Gator Saviors

The Chinese alligator is critically endangered.© Joseph Abene

Last summer, 15 baby Chinese alligators hatched on Chongming Island, China. That’s great news, says Bronx-based gator guru Joseph Abene, but the rare animal is still in trouble. The International Union for Conservation of Nature reports that the Chinese alligator is "critically endangered." Abene says fewer than 150 wild Chinese alligators live in a roughly 200-square-mile region of eastern China.

For the last two summers, Abene and Zhang Fang, a biology professor from Anhui Normal University, have been surveying wild Chinese alligators in Anhui Province. They plan to increase the population through controlled breeding.

Abene says the project poses several obstacles. Rainy weather impedes data collection, for one. Alligator breeding is tricky business—if a gator doesn’t like his betrothed, he might kill her, or vice versa. And farmers complain that Chinese alligators, the only relatives of the American alligator, like to terrorize ducks.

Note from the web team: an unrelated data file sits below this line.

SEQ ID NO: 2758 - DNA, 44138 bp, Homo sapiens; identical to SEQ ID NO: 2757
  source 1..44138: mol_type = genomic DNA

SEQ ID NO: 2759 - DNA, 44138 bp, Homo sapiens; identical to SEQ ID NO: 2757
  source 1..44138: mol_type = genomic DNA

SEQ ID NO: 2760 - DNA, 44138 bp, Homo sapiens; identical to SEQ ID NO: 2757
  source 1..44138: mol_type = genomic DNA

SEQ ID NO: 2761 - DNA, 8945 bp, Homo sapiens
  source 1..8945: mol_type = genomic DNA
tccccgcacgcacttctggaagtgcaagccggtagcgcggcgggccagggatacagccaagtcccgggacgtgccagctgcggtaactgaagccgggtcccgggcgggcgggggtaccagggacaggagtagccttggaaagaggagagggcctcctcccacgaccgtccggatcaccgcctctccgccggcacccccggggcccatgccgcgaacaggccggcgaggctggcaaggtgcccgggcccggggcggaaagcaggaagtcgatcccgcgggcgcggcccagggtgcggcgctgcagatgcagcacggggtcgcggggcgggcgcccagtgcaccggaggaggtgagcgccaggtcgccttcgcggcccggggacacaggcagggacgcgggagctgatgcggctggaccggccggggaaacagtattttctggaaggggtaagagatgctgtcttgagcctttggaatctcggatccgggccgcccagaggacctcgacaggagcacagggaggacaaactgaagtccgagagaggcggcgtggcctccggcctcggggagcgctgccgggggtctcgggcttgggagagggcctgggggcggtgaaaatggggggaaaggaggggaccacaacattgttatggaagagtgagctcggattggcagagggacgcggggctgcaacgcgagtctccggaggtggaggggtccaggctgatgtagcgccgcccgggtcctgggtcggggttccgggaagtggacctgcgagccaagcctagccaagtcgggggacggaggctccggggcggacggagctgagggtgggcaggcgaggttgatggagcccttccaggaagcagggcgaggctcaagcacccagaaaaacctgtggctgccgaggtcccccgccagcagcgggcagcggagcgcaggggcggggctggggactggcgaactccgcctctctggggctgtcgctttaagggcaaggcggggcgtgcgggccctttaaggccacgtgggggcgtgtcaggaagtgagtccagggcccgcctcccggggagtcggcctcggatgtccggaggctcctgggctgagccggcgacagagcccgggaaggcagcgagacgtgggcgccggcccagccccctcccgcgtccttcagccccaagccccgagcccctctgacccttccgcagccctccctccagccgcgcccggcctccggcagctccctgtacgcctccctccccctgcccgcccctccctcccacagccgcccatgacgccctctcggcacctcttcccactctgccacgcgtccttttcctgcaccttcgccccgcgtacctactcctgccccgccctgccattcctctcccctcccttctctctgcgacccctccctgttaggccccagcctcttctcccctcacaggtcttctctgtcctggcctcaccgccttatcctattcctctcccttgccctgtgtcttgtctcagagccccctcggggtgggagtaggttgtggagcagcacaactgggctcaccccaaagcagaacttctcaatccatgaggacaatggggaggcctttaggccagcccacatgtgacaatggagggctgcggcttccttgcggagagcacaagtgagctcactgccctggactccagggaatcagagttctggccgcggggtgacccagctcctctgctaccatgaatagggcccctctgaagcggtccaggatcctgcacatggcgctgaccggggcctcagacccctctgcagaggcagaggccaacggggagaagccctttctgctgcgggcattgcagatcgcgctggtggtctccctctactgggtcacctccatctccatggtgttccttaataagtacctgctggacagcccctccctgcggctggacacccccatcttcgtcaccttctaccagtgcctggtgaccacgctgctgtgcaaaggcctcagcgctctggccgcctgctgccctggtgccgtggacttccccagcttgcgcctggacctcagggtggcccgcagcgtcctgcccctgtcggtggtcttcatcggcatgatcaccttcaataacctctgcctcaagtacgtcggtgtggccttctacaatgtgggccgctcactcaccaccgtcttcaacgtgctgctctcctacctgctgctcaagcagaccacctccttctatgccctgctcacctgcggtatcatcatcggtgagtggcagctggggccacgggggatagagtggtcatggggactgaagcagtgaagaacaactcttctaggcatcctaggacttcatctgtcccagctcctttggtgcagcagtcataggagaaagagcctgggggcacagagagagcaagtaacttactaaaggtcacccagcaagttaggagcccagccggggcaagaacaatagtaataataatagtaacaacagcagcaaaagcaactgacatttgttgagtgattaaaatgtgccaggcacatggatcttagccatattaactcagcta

The scientists say the farmers are overreacting. Chinese alligators prefer rodents, Abene notes. Zhang, who works part-time for the Wildlife Conservation Society and wrote his master’s thesis on the Chinese alligator’s sexual behavior, describes the gators as "very gentle."

Abene estimates that the survey-and-breeding project will take between 10 and 15 years. The Anhui Research Center of Chinese Alligator Reproduction provides most of the funding. Abene, curator at the Georgia-based Orianne Center for Indigo Conservation, gets partial funding from the Cullen Vivarium Wildlife Conservancy in Milwaukee. He has also spent $5,000 out of pocket.

According to Abene, Chinese officials could save wild Chinese Alligators—known locally as "muddy dragons"—by turning the animals" Anhui stomping grounds into a wildlife preserve. "It’s a grand idea," he concedes. "And it’s pretty much the only way that the remaining habitat will be saved."